27 Identifying the Legal Donor Much more attention in IRS publications to identifying contributions than to identifying contributors Recall that contributions are money, or property other than money The money or property belonged to someone at the time that it was contributed That person, by implication, is the donor!
28 Identifying the Legal Donor In general, the contributor is whoever made the contribution, i.e. whoever transferred their money or other property to you. In those cases where a contribution passes through several entities, the last of the entities through which it passes before being received by the donee should be cited as the donor.
29 So who is the Donor? Whose asset was it immediately before it was transferred to your organization? Not whose hands were on it last, but to whom did it last belong
30 So who is the Donor? A pretty good rule of thumb for checks: whose account was the check drawn on? There are exceptions! trust offices payroll deductions passed on by the employer, acting as the donor s agent Essentially, any person or organization acting as the agent for another person or organization
31 So who is the Donor? Who would you record as the legal donor in the following situation? You send an appeal to John Doe. The check that John sends in return says John Doe, MD Inc. at the top. Who gets the legal credit: John Doe (the person), or John Doe MD Inc. (the corporation)? John Doe, MD Inc. (probably with soft credit to John)
32 So who is the Donor? Who would you record as the legal donor in the following situation? You receive a check from the Fidelity Charitable Gift Fund. An accompanying letter indicates that you should send an acknowledgment to Jane Smith. Who is the legal donor: Jane Smith or the Charitable Gift Fund? Fidelity Charitable Gift Fund More generally, it depends on the details of the fund. Donor Advised Fund vs. Donor Directed Fund
33 So who is the Donor? Donor-Advised Funds (DAF) More commonly encountered than Donor-Directed Funds. Assets irrevocably transferred to the fund
34 So who is the Donor? Donor-Advised Funds (DAF) Donor gets a deduction at the time of the contribution to the fund This is one of the reasons donors use donor-advised funds. Donors get their deduction now, but can decide where to steer contributions over time, once they ve decided, etc.
35 So who is the Donor? Donor-Advised Funds (DAF) Funds subject to rules governing private foundations Gifts/grants/distributions from the fund cannot pay pledges. No one associated with the fund can get any goods or services in consideration of gifts/grants/distributions from the fund.
36 So who is the Donor? Donor-Advised Funds (DAF) Vanguard Charitable Endowment Program, Fidelity Charitable Gift Fund, etc. do only donor-advised funds. If cover letter excludes paying pledges, providing goods & services, almost certainly donoradvised.
37 So who is the Donor? Donor-Directed Funds Donor does not get a deduction at the time of the contribution to the fund. Donor retains control of the assets in the fund.
38 So who is the Donor? Donor-Directed Funds The organization is essentially administering the fund for the donor. Donor directs what contributions are made by the fund; fund managers do not have approval/discretion. Uncommon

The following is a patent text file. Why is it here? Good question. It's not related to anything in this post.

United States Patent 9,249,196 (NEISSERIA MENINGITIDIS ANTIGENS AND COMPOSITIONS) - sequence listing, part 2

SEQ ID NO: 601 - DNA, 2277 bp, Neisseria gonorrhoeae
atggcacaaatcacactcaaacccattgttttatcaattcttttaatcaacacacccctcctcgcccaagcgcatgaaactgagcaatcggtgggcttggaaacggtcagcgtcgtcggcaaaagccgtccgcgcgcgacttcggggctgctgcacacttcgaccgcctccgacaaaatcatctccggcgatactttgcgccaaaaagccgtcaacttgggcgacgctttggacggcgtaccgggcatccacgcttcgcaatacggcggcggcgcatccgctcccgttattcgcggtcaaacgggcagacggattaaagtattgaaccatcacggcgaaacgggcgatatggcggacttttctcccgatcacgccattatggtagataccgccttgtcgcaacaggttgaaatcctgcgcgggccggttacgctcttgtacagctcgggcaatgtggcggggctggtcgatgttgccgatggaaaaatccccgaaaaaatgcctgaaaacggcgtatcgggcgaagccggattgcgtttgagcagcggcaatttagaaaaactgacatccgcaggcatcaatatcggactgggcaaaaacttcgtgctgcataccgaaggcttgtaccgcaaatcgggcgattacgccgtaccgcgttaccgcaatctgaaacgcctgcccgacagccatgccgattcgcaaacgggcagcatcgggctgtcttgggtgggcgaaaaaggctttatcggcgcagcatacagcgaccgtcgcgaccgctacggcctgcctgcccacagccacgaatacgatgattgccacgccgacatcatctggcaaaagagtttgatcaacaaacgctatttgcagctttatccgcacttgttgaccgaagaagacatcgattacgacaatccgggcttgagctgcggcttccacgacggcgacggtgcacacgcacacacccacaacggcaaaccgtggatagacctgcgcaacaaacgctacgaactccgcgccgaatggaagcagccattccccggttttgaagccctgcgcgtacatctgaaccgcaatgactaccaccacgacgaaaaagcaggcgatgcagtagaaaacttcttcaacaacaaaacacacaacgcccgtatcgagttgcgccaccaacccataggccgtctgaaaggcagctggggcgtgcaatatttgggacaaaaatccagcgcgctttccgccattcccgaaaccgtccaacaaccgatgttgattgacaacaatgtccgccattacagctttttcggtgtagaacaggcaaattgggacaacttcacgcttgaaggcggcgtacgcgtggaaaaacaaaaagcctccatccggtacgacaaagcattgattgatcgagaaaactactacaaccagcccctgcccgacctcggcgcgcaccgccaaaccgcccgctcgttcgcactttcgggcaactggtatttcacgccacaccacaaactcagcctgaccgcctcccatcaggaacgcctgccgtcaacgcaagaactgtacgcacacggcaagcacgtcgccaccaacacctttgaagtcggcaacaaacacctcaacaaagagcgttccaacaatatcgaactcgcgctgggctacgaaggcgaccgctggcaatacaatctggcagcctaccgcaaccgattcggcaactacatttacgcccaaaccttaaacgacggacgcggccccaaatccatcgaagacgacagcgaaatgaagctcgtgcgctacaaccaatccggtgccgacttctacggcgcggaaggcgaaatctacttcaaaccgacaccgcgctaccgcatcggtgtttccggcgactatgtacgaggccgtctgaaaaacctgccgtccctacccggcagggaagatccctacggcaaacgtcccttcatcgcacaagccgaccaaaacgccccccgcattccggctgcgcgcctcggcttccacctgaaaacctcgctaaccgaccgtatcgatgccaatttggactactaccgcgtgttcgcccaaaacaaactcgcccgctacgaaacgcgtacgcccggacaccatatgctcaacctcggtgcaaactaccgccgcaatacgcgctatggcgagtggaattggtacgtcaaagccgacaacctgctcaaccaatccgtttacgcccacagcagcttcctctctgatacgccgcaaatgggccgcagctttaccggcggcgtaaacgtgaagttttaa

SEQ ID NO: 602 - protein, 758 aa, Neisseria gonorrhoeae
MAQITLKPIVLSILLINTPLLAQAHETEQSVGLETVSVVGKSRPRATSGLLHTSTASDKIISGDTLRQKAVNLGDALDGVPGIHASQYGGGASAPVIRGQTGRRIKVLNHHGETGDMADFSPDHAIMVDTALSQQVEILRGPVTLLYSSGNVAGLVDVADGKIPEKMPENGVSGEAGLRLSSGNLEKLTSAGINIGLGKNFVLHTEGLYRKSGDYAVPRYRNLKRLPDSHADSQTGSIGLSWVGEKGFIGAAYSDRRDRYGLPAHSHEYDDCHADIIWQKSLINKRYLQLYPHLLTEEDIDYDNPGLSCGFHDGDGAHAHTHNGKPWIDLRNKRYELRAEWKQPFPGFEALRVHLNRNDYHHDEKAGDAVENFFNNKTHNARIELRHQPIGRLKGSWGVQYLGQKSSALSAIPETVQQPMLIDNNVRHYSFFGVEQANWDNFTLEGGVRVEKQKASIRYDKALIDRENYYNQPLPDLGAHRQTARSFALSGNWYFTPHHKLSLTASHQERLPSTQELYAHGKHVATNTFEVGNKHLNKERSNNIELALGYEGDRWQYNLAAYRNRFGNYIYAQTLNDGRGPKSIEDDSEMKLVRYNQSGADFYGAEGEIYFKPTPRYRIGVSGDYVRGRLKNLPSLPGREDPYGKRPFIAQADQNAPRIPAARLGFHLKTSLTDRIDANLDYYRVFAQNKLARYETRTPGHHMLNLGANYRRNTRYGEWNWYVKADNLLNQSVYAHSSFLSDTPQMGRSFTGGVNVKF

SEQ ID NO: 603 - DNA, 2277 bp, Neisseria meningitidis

39 So who is the Donor? Who would you record as the legal donor in the following situation? Your CEO gave a lecture at XYZ Corp., and asked that XYZ send the check to your organization as a gift. Who gets the legal credit: XYZ Corp or your leader? The boss is always right. It Depends! Is XYZ reporting this as income to your CEO? (typically done by issuing an IRS Form 1099)
40 Understanding Gifts When is a Gift Complete? October 2005 CASE Gift Processing Workshop 40
41 When is it a gift? Ultimately, the donor s responsibility The donor decides when to claim the deduction The donor decides on the amount of the deduction (which may depend on time)
42 When is it a gift? So why is this important to you? So you understand the possible impact on your donors, and provide them the best service possible For example, if you don t process a credit card gift until after January 1 st, the donor may not be able to claim the gift in the intended year Also, the rules are very similar to the rules you have to follow for accounting purposes, and for gift management reporting (CASE/CAE/etc.)
43 When is it a gift? In general, a gift is complete when it has left the donor s control Time of making contribution. Usually, you make a contribution at the time of its unconditional delivery. (IRS Pub. 526) Specific rules for contributions of cash, of securities, by credit card, etc.
44 When is it a gift? Cash, checks, etc. Received by mail (USPS) the postmark date (as long as the check clears in due course) Received by FedEx, etc. when it s in your hands Delivered in person when it s in your hands
45 When is it a gift? Credit card charges Not until the charge is made Not when the donor mails you the form authorizing the charge
46 When is it a gift? Securities (paper certificates and signed stock power sent to your organization) Received by mail the postmark date the later of the two postmarks, if sent separately (which is a good idea!) Received by FedEx, etc., or delivered in person when both items are in your hands
47 When is it a gift? Securities (paper certificates sent to the company for re-registration) The date on the certificate issued in your organization s name Donor does not have precise control of date of gift (which determines the value of the gift!)
48 When is it a gift? Securities (electronic transfer via a broker) The date the shares are actually received in your organization s account Not when the donor gives instructions Not when the shares leave the donor s account Donor does not have precise control of date of gift (which determines the value of the gift!)
49 Understanding Gifts Deductible October 2005 CASE Gift Processing Workshop 49